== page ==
Monday, 4 February 2013

Film making: Technical Tips

Work on the ES(O)L Film Festival website is well under way. In the meantime, all festival information will be posted on this blog.

I am absolutely delighted that Elaine Williamson has agreed to lead the ES(O)L Film project with me.  Many of you will already know Elaine from the wonderful work she has done as co-coordinator of the IATEFL ES(O)L Sig.

Welcome aboard, Elaine!
In this post I will look at some technical tips on film making in the classroom. I should admit at this point, that I am a relative newbie to all things techie. If any tech geniuses happen to be reading, I would ask you not to chuckle at my naive advice, but rather to add some of your pearls of wisdom in the comments box below. Many thanks!

So, with that in mind, don’t feel that you lack the technical skills to work on movies with your learners.  Film making is not the expensive, time consuming past time it once was. Here are some tips to get you started…

Tip One: Start Small 

You don't  need to rush along to your nearest camera shop and splash out on the latest state of the art video equipment. It's possible to make great  films using your mobile phone (a number of film festivals are now devoted exclusively to mobile phone films!) This has exciting implications for film making in the classroom: more on that in a later post, as we are staying small and simple for now.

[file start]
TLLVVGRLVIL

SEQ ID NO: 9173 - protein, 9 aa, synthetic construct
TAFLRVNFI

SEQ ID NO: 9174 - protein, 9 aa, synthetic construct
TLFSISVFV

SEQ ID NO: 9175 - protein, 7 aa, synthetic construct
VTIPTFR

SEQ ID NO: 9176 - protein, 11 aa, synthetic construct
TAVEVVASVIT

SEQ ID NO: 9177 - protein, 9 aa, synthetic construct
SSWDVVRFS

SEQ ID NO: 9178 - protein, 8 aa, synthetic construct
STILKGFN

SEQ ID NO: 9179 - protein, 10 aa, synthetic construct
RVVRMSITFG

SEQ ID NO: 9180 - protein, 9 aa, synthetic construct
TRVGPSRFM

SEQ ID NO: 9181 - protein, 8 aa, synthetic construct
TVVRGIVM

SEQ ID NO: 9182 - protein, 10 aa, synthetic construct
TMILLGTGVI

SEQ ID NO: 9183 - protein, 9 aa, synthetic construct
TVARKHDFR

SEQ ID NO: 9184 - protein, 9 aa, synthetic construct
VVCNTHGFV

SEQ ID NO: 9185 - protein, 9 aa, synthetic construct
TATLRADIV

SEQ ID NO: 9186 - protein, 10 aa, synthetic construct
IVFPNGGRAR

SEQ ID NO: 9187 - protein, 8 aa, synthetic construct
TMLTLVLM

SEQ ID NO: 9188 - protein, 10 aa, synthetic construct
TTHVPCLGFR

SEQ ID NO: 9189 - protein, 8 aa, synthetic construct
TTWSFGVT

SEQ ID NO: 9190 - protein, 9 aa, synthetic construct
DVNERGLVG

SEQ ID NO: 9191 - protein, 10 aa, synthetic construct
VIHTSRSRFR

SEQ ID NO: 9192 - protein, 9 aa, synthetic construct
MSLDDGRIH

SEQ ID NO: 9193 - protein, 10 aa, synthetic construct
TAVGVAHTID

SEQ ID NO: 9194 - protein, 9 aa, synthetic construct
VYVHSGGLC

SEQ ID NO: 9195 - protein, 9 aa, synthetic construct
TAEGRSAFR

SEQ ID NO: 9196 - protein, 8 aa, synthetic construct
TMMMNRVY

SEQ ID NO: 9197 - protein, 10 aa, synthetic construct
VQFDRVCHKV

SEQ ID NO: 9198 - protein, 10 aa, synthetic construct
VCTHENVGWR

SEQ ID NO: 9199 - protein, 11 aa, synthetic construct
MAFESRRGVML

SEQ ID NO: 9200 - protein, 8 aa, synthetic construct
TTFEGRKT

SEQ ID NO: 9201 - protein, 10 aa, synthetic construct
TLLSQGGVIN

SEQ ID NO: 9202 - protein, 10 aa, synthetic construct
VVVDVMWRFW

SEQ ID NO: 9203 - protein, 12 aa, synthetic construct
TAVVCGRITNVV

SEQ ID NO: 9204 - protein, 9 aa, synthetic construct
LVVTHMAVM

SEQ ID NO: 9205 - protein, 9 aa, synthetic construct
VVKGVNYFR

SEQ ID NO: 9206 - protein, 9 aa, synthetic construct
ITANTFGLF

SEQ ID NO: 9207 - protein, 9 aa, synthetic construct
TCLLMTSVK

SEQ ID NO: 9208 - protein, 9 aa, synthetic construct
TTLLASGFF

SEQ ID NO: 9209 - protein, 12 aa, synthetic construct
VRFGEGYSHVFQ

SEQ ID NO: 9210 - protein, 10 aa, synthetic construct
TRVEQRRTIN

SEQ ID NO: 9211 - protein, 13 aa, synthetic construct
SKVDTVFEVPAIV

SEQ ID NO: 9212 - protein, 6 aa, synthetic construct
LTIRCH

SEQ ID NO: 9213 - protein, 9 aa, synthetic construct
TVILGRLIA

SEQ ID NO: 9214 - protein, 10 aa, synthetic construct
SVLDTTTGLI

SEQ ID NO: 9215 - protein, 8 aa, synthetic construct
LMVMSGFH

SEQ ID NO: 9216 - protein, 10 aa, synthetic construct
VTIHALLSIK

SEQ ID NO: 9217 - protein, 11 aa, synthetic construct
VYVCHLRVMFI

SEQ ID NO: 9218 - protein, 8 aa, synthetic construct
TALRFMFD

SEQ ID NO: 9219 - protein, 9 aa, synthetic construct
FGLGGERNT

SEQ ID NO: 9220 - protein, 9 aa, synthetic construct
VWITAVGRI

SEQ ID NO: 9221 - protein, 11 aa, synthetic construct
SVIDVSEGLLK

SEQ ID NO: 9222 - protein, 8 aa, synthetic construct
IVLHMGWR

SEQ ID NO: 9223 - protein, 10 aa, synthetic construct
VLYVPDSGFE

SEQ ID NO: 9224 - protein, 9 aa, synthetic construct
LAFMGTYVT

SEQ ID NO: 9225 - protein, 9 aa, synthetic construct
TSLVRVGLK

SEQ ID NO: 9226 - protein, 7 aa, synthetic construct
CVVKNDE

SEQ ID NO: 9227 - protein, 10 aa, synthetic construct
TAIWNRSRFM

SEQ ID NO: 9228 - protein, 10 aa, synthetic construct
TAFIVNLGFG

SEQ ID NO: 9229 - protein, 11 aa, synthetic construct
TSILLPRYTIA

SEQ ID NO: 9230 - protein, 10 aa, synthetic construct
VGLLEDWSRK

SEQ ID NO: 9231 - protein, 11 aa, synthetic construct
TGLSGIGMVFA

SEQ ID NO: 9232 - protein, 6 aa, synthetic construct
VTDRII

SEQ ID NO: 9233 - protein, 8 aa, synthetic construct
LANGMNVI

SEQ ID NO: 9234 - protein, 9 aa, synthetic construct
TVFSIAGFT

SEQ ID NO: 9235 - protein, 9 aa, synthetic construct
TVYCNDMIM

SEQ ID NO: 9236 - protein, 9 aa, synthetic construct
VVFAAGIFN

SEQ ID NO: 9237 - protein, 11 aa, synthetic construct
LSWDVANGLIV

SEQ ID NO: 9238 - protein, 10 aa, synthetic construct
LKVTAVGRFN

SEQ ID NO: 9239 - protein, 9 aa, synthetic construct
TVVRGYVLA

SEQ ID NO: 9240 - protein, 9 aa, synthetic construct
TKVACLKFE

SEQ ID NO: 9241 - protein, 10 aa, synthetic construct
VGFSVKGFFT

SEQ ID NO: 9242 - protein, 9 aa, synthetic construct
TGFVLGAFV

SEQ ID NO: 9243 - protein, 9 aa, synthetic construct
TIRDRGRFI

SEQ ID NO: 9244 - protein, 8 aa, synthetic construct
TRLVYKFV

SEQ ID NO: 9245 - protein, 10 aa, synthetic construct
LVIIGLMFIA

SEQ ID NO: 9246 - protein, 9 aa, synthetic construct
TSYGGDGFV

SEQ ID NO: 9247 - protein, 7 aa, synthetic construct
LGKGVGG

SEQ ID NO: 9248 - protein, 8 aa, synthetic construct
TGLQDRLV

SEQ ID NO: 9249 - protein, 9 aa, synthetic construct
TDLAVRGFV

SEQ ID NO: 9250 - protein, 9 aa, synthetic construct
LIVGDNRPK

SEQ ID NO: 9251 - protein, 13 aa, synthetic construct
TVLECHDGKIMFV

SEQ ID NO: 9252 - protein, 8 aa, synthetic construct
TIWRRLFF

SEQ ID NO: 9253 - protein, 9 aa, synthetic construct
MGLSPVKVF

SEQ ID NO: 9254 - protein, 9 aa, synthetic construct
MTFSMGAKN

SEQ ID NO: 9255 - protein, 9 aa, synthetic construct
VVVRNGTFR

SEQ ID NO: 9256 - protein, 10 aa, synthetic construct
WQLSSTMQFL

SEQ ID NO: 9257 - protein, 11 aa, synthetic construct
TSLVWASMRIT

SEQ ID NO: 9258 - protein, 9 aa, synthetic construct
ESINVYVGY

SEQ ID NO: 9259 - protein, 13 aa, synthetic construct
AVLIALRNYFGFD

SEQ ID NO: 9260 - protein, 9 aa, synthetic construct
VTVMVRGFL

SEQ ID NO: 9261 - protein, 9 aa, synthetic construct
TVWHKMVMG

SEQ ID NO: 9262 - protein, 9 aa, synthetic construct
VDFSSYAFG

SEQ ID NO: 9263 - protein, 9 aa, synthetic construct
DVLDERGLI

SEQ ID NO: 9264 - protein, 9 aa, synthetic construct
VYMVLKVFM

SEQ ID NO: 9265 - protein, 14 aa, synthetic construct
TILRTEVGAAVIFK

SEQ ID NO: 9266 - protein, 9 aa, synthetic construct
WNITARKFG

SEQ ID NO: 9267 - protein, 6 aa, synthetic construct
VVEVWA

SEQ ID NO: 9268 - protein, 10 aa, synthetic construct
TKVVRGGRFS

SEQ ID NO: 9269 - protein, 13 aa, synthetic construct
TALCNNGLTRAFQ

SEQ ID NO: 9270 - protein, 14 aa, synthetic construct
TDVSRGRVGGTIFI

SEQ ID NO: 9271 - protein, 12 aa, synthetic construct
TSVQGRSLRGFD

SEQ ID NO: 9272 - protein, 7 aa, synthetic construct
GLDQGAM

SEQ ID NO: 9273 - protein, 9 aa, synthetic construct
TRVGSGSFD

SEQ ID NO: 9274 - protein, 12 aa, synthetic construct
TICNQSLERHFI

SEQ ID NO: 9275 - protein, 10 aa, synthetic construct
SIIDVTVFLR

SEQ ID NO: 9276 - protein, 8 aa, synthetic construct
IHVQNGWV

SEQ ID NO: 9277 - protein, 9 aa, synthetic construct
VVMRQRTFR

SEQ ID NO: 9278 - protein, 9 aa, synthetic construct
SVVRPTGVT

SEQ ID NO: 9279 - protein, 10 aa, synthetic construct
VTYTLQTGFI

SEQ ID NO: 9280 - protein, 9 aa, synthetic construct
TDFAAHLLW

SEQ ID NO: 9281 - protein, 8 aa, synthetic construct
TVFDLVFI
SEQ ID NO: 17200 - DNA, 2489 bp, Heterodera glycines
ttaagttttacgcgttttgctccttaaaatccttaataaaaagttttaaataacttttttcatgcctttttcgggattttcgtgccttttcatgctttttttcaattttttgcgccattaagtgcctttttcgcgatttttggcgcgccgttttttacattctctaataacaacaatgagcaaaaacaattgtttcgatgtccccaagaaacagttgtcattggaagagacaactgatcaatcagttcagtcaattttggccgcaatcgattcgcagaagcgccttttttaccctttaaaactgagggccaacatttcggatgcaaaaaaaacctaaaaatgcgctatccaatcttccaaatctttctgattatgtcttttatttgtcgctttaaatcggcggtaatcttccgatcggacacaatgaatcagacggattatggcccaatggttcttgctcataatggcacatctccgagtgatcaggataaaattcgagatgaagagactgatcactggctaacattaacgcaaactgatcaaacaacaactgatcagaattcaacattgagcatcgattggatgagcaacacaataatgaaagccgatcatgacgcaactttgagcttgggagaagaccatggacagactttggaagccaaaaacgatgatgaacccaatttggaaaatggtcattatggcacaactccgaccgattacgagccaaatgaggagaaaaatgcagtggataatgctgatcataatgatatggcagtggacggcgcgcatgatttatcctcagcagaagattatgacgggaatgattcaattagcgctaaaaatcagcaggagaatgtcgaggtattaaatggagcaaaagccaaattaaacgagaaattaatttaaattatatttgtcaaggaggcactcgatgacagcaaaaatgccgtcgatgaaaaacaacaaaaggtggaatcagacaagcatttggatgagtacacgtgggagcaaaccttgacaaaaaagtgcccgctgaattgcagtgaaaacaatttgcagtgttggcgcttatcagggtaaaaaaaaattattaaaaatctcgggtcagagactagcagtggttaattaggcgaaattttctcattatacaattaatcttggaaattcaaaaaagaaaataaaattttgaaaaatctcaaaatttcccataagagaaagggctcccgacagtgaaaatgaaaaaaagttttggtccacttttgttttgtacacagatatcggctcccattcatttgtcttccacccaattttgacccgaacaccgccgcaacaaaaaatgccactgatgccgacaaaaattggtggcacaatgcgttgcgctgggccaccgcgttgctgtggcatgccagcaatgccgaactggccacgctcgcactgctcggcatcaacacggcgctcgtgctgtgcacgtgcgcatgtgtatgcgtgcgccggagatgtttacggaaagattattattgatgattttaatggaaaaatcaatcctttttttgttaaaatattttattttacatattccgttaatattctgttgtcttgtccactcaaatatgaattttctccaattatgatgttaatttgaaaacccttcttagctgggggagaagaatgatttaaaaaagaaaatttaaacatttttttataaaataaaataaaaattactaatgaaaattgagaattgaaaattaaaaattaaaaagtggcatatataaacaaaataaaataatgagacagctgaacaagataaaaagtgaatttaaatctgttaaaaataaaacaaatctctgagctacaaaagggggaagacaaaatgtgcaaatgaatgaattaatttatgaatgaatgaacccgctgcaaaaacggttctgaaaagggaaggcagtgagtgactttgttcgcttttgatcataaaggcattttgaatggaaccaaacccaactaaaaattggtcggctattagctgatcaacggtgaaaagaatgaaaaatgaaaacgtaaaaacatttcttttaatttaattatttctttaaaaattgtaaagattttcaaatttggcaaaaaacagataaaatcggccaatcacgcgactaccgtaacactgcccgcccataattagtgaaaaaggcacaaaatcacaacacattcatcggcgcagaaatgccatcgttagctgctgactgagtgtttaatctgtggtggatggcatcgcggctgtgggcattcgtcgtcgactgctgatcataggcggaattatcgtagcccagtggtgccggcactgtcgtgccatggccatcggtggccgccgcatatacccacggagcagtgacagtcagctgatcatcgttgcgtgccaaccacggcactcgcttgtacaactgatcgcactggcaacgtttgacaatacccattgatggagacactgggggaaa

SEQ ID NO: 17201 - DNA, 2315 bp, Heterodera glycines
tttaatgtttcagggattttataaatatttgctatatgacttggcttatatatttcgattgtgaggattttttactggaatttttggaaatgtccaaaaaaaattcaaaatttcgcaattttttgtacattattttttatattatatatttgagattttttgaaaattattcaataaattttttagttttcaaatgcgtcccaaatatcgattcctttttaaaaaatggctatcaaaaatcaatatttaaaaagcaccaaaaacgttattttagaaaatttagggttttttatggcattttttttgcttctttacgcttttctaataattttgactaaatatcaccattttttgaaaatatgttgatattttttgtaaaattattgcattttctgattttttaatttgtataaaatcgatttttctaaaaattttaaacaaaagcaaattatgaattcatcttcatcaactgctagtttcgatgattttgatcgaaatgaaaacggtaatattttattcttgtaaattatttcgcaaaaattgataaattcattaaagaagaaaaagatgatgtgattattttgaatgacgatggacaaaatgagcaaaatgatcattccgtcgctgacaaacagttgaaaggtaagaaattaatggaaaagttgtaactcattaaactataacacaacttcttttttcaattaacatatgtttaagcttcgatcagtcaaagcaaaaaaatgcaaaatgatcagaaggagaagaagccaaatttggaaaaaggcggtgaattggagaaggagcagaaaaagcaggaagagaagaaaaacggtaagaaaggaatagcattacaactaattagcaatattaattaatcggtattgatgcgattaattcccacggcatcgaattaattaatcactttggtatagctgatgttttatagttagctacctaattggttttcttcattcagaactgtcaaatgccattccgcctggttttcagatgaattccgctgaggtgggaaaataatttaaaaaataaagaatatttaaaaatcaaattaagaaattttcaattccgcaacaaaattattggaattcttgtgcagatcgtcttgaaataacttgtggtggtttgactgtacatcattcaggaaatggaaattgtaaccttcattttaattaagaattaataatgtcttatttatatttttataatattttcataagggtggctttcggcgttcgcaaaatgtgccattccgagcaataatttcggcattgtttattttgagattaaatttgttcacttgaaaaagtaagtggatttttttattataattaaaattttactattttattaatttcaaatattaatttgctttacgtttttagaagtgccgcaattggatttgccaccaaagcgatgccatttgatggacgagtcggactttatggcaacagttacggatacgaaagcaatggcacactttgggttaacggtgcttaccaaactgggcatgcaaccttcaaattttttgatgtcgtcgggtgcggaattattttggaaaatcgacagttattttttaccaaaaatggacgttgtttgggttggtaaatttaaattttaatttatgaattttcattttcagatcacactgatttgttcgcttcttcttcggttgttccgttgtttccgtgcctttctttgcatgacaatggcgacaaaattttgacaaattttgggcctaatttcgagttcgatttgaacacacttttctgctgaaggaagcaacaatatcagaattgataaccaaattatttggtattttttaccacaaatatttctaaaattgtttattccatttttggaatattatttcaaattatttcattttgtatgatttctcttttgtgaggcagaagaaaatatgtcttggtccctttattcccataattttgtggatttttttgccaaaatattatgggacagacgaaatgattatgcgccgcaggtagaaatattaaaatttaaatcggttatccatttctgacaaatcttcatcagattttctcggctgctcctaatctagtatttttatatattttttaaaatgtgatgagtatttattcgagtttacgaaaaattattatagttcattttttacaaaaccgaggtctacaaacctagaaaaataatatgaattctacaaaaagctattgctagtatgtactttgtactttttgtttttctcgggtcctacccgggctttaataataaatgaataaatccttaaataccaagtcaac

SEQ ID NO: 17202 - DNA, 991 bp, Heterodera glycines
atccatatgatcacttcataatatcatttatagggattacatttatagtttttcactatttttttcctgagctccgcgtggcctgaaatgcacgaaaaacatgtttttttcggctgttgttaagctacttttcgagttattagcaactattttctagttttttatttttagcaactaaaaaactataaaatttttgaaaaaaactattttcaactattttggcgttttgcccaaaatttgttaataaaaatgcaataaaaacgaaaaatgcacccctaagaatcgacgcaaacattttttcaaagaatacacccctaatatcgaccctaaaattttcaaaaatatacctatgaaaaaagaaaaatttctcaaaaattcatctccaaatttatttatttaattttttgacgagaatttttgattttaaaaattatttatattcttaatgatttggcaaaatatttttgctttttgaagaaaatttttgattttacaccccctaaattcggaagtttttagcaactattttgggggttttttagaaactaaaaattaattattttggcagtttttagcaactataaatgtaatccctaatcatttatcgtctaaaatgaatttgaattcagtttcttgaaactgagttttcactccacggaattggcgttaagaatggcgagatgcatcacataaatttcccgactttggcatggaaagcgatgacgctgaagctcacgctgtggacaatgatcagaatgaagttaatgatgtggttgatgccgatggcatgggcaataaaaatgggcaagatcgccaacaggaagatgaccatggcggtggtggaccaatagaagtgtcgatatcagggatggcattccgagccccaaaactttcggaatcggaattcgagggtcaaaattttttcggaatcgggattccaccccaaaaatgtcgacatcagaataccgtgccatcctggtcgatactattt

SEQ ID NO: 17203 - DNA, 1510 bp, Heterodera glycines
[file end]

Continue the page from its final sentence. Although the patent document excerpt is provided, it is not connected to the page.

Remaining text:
Tip Two: Save Time

As busy ESOL teachers and learners we simply do not have the luxury of time which professional film makers enjoy. We therefore need to make sure that any time we spend on filming in our lessons is used as efficiently as possible. This is particularly important when you are filming on location: organisation and planning is everything. 

If you are working with a script make sure that your learners can confidently deliver their lines. Invest time before filming on looking at stress patterns and features of connected speech, so that the resulting dialogue does not put any strain on the listener. 

Tip Three: Get Help
Perhaps one of your learners has experience in film editing. If so, ask this learner to share his/her knowledge with the rest of the class. It can happen, however, that none of your learners are confident in film editing techniques and if you’re not either, then what?

Newcomers to film making and editing have some steep learning curves to contend with.  I know a teacher who once spent an evening in tears believing her computer had swallowed two hours worth of film. * It doesn’t have to be this way. Don’t we all have a computer geek/ frustrated film maker friend to hand? Friends such as these can often solve in a minute what might take you or I a week of evenings.  Time for a matey phone call…

Teachers with access to computer suites are particularly fortunate here. In our last film
( , we copied a folder of video clips to each computer and learners used Microsoft Word Movie Maker to edit and order the clips. The resulting film was a blend of learners’ ideas.
Tip Four: Editing

Free editing software is simple enough to use. I’m no computer whiz, but managed to figure out Moviemaker pretty much unassisted. If you work with Apple products, then iMovie is even better.  Enjoy yourself, and take it easy - September is a long way off yet!

*Luckily for me it hadn’t!

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